Coffee was grown on plantations by wealthy large landowners. Presidents like Juan Rafael Mora Porras (1849-1859) or Tomás Guardia Gutiérrez (1870-1882) ruled authoritarian. In the 1880s, a railway line was built from the central highlands to the Caribbean coast, mostly by workers from Jamaica.

Now the coffee could be transported to the ports by train instead of ox carts. The builder of the railway line was an American. He received land and began growing bananas, which soon became the second important export product. American firms like the United Fruit Company gained influence. The first free elections were held in 1889.

History of Costa Rica from the 19th century to the present day

The first half of the 20th century

In 1910 the railway line to the Pacific was completed. Other presidents ruled authoritarian to dictatorial. Rafael Ángel Calderón Guardia embarked on a reform course between 1940 and 1944. He ran again for the 1948 election, lost the election and accused his opponent of electoral fraud.

Civil War and Abolition of the Army (1948)

There was a 44-day civil war. José María Figueres Ferrer set up a “National Liberation Army” and ultimately won the war against government troops. It remained the only civil war in Costa Rica. Figueres belonged to a junta that took power. A new constitution was drawn up and the country’s army abolished. Since then, Costa Rica has been one of the few countries in the world without its own army.

José Figueres Ferrer (1953-1958 and 1970-1974)

In 1951 the social democratic party Partido Liberación Nacional (PLN) was founded. In 1953 Figueres became president with the PLN, remained in office until 1958 and was re-elected in 1970. He turned against the right-wing military dictatorships in neighboring countries and US interference. The country’s economically and politically stable position in the 20th century is attributed to his influence. His son José María Figueres was President of Costa Rica from 1994 to 1998.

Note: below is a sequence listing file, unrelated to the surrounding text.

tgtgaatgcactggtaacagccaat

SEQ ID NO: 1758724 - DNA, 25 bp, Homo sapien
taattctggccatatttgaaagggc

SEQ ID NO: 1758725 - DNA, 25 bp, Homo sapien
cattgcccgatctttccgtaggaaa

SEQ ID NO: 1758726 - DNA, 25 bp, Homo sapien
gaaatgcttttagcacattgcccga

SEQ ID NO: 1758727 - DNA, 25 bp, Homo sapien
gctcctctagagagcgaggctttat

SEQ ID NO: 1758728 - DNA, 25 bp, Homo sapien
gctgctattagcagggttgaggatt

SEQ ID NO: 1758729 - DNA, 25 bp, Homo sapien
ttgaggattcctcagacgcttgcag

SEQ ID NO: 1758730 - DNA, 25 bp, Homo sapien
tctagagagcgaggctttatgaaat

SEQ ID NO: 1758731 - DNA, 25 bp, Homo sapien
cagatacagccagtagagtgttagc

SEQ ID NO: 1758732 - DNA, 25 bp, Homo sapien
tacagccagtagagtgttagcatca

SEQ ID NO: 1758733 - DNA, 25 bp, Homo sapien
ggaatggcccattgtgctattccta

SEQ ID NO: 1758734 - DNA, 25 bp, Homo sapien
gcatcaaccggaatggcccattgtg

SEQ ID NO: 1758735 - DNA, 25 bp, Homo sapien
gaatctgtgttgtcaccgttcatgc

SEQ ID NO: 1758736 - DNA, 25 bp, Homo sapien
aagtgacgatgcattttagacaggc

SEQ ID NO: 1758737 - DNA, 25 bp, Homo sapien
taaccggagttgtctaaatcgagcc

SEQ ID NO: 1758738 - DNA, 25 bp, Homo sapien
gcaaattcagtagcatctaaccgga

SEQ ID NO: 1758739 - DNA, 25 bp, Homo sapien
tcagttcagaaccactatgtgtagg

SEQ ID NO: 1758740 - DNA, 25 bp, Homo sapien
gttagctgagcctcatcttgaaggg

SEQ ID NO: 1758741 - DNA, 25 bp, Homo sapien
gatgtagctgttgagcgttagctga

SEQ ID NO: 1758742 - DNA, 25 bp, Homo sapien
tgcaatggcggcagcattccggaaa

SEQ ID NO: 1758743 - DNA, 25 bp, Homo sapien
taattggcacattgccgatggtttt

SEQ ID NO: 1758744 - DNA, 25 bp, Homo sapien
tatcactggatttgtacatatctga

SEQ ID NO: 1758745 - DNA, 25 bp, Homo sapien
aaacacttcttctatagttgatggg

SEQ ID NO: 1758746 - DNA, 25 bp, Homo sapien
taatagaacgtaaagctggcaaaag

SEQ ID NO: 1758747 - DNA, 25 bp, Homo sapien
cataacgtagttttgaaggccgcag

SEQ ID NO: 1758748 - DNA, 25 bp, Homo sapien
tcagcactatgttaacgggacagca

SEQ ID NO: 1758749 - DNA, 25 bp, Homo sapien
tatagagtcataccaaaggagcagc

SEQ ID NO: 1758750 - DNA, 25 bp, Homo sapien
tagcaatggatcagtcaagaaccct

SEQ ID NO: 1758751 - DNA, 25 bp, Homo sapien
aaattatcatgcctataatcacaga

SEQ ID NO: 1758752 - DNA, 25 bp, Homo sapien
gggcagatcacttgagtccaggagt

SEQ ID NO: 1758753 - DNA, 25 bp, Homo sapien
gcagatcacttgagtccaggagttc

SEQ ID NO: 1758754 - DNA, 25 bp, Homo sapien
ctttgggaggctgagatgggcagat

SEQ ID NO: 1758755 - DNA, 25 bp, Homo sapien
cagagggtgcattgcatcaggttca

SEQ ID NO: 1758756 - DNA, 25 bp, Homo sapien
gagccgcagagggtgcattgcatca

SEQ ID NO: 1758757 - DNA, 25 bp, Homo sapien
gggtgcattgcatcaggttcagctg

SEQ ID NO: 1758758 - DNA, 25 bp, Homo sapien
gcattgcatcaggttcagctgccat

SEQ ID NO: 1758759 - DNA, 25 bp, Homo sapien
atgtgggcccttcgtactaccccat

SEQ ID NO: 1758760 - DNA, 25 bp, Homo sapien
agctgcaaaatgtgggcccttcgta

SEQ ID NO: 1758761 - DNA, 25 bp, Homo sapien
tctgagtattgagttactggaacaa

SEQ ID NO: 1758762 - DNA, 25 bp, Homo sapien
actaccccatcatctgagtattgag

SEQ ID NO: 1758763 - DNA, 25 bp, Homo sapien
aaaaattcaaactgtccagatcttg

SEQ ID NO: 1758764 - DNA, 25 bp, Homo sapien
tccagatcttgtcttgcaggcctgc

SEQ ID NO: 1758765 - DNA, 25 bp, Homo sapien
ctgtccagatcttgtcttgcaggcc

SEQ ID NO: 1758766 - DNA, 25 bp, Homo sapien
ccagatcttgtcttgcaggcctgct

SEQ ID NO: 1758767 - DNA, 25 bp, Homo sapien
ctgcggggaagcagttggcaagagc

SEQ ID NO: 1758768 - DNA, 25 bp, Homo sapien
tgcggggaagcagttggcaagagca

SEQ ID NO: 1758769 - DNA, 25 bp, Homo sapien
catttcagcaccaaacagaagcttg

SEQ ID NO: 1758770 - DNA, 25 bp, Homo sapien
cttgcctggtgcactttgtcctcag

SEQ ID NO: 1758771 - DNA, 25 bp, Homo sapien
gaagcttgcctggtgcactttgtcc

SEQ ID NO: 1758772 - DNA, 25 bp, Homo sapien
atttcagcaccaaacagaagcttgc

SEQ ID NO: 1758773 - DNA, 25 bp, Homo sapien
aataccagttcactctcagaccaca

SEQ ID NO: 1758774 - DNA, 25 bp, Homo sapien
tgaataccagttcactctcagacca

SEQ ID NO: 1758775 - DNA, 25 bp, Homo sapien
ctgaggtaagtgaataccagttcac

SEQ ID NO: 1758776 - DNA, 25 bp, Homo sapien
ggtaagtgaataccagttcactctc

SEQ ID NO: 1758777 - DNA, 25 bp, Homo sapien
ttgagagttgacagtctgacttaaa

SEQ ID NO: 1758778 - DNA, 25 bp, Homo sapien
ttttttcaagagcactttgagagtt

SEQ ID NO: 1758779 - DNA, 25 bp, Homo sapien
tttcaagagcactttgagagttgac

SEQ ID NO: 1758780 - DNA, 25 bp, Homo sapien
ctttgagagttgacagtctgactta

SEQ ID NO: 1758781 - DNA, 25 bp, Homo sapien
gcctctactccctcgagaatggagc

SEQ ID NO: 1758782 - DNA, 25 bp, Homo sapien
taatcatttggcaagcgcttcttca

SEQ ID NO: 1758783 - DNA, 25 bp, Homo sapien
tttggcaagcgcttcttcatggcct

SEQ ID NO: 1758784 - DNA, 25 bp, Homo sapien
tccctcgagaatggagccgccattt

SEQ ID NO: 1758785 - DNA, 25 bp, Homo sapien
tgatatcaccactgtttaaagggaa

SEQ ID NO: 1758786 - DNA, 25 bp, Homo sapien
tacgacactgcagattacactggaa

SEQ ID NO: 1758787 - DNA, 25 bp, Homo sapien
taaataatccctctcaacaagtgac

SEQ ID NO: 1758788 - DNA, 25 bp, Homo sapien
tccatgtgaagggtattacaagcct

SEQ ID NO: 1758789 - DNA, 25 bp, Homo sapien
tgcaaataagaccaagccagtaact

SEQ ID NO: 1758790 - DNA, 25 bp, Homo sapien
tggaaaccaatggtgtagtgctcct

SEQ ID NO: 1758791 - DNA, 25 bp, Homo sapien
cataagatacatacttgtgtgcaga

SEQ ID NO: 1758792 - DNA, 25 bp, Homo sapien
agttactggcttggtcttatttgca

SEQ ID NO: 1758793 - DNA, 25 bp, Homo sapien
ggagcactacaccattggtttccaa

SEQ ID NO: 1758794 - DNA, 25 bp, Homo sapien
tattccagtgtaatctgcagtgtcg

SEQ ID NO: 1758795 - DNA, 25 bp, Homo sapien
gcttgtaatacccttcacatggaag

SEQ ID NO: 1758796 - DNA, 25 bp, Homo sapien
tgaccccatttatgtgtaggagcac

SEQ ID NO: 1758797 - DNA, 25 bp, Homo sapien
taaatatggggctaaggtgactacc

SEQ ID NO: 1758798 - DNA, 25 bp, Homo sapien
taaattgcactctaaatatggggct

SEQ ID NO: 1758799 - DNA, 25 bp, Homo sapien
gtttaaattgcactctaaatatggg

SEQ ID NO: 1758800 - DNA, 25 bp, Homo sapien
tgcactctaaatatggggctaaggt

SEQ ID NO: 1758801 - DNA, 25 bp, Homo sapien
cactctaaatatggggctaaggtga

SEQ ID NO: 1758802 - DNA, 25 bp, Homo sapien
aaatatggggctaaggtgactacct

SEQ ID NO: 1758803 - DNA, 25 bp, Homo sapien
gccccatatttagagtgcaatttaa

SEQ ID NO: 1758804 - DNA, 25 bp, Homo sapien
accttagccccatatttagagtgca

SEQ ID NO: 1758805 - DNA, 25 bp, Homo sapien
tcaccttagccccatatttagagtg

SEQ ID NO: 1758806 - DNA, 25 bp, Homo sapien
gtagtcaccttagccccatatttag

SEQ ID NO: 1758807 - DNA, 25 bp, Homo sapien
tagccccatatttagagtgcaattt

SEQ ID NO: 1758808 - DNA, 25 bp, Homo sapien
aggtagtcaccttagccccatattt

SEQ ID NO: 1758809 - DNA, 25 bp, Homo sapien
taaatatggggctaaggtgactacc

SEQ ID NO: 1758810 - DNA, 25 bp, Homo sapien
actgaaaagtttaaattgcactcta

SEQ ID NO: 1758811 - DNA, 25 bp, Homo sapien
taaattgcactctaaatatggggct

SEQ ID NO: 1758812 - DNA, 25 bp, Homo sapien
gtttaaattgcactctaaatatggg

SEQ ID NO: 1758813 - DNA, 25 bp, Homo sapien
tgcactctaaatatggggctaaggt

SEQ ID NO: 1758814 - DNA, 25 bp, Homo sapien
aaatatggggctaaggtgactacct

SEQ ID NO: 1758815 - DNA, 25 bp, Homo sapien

Óscar Arias Sánchez (1986-1990 and 2006-2010)

Óscar Arias Sánchez, who was President of Costa Rica from 1986 to 1990 and from 2006 to 2010, also contributed to the stable situation. In 1987 he presented the Arias Sánchez Plan. The aim of this plan was to secure long-term peace for Central America. Arias Sánchez received the Nobel Peace Prize for this in the same year. In 2009 he mediated after the coup in Honduras (see History of Honduras).

Laura Chinchilla (2010-2014)

In 2010 Laura Chinchilla became the first woman president of Costa Rica, she is also a member of the PLN. She campaigned for environmental protection, especially for sharks, and in 2013 signed a law that allows same-sex marriages. Nevertheless, she took conservative positions and, for example, opposed abortion under all circumstances.

Luis Guillermo Solís (2014-2018) and Carlos Alvarado Quesada (since 2018)

In 2014 Luis Guillermo Solís became President. He belonged to the PLN until 2005, but resigned in 2009 and joined the left- of-center party Partido Acción Ciudadana (PAC, in German “Bürgeraktionspartei”). He was the first president in 60 years who is not a member of the PLN, the PUSC or their predecessors. In 2018, Carlos Alvarado Quesada became the new president. He is also a member of the PAC.

Costa Rica History